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Recent Urban development in Bangladesh

Bilal9

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NH Tower, Tejgaon (Hatirjheel)

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Bilal9

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One Hatirjheel Plaza (Innstar Real Estate)
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Khelaghor at Dhanmandi (Innstar Real Estate)

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Trade Intercontinental (Innstar Real Estate)
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Bilal9

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One of my favorite choices in the Gulshan area for overseas business guests in Bangladesh. A modern and decidedly functional temporary address for discerning folks.

SPACE APARTMENTS​

Gulshan 2, Dhaka

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Bilal9

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Found some nice stats for urban development - and the source is VERY credible, he's a professor at one of the reputed local Universities. His statements are a bit controversial, brash and direct, however.

Mohammad Gani
Professor at Independent University, Bangladesh (IUB) (2006–present)
https://www.quora.com/profile/Ali-Khan-7798
Lives in Dhaka, Bangladesh (2007-present), Author has 4.7K answers and 1.7M answer views

What are the impacts of overpopulation in Bangladesh?

Bangladesh is not overpopulated now, but it was overpopulated before.
  1. Bangladesh currently produces about 42 million tons of food grain that can feed 210 million people. The current food need is about 33 million tons for 165 million people. There is therefor more than 25% excess supply of food.
  2. The fertility rate is now at replacement level of 2.1 children per mother, and is expected to fall further to below replacement, Population momentum suggest that the largest population that Bangladesh may ever reach is about 200 million, but there is high probability that it will stop growing before reaching that high number.
  3. Dhaka and other cities are overcrowded, because the political leaders just do not understand the crying need of making new planned cities with ample open space and road space to allow a minimum of 95% of the people to live in the cities.
  4. The arable land in Bangladesh is about 40,000 square miles or 25.6 million acres, of which more than 25% has already been eaten by wasteful rural housing. A rural cow has a dung-pit larger than an apartment of a city gentleman. No more than 18 million acres are still available to grow food. But to feed 200 million people, we do not need anymore than 12 million acres.
  5. Make ten megacities in currently unoccupied or thinly settled areas to house 200 million people. Leave 70% of the land surface open, Make each road at least 220 feet wide. You can still accommodate all the new cities in less than 1 million acres.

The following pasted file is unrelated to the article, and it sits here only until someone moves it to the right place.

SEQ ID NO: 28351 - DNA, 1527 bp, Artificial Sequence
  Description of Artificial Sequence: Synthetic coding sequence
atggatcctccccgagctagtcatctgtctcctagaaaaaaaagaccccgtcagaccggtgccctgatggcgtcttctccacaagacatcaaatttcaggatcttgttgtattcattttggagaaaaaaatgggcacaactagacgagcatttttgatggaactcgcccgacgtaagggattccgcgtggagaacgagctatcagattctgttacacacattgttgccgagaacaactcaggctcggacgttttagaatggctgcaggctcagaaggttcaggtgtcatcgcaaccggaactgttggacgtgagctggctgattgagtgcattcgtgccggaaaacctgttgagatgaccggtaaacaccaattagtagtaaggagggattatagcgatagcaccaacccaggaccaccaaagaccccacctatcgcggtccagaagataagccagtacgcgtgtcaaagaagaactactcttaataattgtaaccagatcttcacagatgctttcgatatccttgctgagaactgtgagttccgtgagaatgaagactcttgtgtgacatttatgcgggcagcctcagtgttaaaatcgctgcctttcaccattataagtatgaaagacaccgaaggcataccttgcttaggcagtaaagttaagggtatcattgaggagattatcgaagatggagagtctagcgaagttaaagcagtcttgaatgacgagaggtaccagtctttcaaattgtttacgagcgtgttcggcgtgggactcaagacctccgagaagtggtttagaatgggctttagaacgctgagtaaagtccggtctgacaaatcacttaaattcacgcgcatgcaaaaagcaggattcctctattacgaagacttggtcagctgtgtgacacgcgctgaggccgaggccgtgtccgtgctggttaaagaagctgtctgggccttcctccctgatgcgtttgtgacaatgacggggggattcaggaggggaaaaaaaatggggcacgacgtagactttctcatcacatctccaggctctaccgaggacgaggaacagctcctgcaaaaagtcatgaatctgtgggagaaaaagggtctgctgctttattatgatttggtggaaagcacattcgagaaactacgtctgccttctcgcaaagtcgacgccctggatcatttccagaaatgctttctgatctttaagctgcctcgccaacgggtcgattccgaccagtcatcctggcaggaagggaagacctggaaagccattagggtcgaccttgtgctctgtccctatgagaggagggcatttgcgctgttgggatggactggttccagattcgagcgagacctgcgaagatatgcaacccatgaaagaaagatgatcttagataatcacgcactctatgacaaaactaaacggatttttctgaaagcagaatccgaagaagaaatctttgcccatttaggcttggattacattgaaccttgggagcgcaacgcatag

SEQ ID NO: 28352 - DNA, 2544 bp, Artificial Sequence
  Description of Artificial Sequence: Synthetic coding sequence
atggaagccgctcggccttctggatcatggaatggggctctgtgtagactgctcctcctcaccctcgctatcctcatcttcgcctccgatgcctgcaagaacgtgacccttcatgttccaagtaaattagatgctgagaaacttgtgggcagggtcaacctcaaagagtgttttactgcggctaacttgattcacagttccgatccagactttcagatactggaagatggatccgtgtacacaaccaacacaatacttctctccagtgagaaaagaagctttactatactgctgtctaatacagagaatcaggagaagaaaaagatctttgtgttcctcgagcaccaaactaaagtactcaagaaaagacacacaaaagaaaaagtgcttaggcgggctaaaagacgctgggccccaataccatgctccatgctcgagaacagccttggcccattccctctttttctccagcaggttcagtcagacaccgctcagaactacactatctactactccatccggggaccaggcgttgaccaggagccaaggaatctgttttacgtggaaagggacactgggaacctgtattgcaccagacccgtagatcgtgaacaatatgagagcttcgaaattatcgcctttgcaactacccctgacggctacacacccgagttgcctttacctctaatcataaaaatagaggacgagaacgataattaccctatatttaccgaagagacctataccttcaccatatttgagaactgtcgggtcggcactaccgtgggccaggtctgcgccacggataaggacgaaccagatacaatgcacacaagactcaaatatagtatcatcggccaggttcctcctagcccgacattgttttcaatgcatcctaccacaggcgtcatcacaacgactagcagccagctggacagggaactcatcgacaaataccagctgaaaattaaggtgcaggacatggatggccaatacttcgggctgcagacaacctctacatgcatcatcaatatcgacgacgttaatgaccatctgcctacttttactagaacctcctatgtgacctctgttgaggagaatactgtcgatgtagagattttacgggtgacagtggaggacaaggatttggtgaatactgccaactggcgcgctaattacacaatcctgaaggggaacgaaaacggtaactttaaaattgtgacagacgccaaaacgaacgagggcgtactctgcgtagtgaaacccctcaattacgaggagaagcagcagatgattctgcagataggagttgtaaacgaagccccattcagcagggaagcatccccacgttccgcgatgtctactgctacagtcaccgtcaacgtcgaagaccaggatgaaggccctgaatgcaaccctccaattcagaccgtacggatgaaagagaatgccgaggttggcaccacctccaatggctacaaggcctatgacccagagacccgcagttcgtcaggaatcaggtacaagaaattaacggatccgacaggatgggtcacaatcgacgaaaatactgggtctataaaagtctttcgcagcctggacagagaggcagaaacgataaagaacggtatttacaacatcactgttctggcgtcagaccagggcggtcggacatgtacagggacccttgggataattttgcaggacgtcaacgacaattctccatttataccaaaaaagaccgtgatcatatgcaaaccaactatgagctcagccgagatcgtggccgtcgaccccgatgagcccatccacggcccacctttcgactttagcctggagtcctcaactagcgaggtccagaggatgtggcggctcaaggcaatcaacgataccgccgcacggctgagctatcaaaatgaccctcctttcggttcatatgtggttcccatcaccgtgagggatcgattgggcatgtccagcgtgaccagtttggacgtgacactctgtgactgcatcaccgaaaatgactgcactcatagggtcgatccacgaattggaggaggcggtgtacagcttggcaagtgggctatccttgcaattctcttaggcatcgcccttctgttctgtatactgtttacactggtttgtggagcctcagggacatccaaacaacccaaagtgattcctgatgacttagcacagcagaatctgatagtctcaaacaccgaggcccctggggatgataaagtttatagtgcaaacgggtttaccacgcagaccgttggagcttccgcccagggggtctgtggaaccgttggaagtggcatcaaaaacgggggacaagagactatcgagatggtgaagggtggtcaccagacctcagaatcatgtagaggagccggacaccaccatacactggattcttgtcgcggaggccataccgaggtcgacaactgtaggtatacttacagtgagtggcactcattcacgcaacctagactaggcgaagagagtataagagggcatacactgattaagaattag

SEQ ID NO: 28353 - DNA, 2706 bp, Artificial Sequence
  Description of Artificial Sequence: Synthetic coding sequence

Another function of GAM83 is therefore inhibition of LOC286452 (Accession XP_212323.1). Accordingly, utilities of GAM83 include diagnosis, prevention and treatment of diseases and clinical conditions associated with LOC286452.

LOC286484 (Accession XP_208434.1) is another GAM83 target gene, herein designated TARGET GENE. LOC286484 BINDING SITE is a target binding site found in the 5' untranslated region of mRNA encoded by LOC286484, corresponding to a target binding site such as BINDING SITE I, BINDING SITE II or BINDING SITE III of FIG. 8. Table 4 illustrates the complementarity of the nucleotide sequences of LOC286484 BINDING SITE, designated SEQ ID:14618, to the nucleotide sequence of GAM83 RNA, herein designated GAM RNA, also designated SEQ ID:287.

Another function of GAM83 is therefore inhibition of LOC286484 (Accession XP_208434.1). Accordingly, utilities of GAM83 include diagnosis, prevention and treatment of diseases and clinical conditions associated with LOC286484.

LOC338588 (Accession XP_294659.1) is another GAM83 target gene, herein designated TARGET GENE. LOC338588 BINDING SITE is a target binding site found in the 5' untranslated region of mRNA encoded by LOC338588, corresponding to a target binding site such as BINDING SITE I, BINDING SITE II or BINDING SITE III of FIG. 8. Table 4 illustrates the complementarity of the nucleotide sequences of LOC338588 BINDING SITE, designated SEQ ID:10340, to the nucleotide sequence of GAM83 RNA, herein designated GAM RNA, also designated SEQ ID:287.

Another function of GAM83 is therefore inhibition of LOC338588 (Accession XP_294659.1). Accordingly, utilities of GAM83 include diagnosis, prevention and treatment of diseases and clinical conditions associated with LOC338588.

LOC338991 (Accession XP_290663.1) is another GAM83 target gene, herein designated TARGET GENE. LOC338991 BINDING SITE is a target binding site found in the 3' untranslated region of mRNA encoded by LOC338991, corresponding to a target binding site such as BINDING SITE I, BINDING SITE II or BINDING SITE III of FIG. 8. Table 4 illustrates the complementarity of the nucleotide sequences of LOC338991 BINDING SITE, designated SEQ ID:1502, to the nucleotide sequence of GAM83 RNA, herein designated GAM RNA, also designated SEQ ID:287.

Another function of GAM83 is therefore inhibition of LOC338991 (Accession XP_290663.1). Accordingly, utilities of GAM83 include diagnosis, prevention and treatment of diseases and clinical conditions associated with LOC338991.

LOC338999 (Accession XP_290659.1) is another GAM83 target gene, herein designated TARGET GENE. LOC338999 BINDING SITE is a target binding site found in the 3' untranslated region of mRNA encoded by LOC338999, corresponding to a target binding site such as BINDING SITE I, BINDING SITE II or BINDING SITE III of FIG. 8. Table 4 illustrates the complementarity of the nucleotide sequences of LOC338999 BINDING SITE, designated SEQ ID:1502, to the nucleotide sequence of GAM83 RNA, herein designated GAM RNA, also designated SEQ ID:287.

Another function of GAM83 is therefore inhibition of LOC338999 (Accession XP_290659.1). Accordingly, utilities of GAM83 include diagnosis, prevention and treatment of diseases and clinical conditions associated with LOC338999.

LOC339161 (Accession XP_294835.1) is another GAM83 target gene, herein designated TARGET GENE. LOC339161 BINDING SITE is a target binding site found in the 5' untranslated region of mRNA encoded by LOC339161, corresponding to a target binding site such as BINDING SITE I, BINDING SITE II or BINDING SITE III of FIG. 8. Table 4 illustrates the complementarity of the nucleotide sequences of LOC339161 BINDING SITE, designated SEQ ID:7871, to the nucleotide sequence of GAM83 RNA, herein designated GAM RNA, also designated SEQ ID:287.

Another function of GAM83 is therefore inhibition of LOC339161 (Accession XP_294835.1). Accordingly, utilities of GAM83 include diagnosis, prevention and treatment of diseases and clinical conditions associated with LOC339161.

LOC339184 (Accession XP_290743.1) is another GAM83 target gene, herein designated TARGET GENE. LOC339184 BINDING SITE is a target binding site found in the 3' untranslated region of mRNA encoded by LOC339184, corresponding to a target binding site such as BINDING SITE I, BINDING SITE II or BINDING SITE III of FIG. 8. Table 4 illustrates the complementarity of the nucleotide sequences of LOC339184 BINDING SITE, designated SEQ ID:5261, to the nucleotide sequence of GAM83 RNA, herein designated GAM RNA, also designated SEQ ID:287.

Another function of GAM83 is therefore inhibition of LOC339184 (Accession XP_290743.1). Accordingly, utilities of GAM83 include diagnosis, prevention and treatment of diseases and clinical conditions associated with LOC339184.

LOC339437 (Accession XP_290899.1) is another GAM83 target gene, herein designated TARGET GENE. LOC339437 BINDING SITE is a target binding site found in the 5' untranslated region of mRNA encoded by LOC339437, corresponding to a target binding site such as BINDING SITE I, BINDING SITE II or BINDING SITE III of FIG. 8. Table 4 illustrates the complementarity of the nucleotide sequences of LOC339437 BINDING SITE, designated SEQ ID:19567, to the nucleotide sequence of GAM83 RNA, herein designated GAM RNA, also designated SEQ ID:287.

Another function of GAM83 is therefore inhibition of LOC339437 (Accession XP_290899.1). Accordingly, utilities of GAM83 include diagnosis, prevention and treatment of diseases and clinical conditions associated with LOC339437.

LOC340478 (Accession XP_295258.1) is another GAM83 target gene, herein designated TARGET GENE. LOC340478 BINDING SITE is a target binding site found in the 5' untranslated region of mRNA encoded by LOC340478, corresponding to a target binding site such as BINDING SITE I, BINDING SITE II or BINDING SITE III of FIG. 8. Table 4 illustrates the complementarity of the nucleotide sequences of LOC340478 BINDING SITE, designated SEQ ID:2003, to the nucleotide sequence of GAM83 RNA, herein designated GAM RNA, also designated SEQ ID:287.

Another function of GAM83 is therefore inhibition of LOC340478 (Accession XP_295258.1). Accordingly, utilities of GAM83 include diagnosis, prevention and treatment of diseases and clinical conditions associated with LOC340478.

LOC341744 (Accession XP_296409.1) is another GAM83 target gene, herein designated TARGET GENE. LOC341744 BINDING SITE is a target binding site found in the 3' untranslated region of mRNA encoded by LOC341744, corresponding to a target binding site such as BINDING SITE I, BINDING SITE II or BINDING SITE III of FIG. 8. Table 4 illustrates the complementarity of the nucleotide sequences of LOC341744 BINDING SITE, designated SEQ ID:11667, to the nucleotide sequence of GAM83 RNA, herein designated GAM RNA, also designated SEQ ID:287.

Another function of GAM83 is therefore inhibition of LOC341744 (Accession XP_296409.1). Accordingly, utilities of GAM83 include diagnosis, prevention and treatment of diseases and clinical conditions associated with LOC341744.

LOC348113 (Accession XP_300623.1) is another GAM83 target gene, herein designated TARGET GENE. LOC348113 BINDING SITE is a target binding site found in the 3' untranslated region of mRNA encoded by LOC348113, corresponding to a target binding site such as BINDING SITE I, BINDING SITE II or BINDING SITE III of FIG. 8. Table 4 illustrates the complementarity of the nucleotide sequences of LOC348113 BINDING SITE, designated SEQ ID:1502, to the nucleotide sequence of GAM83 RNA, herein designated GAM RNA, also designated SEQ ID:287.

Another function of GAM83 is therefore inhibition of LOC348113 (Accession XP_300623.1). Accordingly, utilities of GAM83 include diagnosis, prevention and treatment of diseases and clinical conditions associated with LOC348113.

6. People have no reason to hang in the villages, because agriculture is the most stupid business in the world, The price of food is far below the cost of production. It is insane that a man that can earn 400 taka by driving a rickshaw in a city will work in a farm to earn 200 taka and sit without work 200 days out of 365 in a year. With modern technology, even if people till 20 million acres, only 0.2 million people are needed to till that much land. Yet there are as of now a minimum of 96 million people wasting their lives in the villages doing the absurd stupidity of growing food only to become poorer. At least 90 million villagers must flee from the villages and go to towns and make industrial goods that have limitless demand. Food is the only thing that has a limited demand. The demand for songs or games of cricket or TV shows or films or for toys is unlimited. A man who loves reading books will always want another book, but nobody can want more food once the stomach is full.
  7. We do not have too many people. We just have too many ignorant fools, who are good for nothing. We do not have good enough cricket players, We do not have good doctors or teachers or lawyers or managers. We have millions of dumb idiots preaching every kind of nonsense. But those who are smart are making good hay: some people are getting rich because they know how to get rich.
  8. Every developed nations already saw more than 95% of their people fleeing out of the infernal villages. Yes, villages are excessively overpopulated: there is no reason for any intelligent person to live in a village.
 

Rahil Ahmed

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Found some nice stats for urban development - and the source is VERY credible, he's a professor at one of the reputed local Universities. His statements are a bit controversial, brash and direct, however.

Mohammad Gani
Professor at Independent University, Bangladesh (IUB) (2006–present)
https://www.quora.com/profile/Ali-Khan-7798
Lives in Dhaka, Bangladesh (2007-present), Author has 4.7K answers and 1.7M answer views
What are the impacts of overpopulation in Bangladesh?
Bangladesh is not overpopulated now, but it was overpopulated before.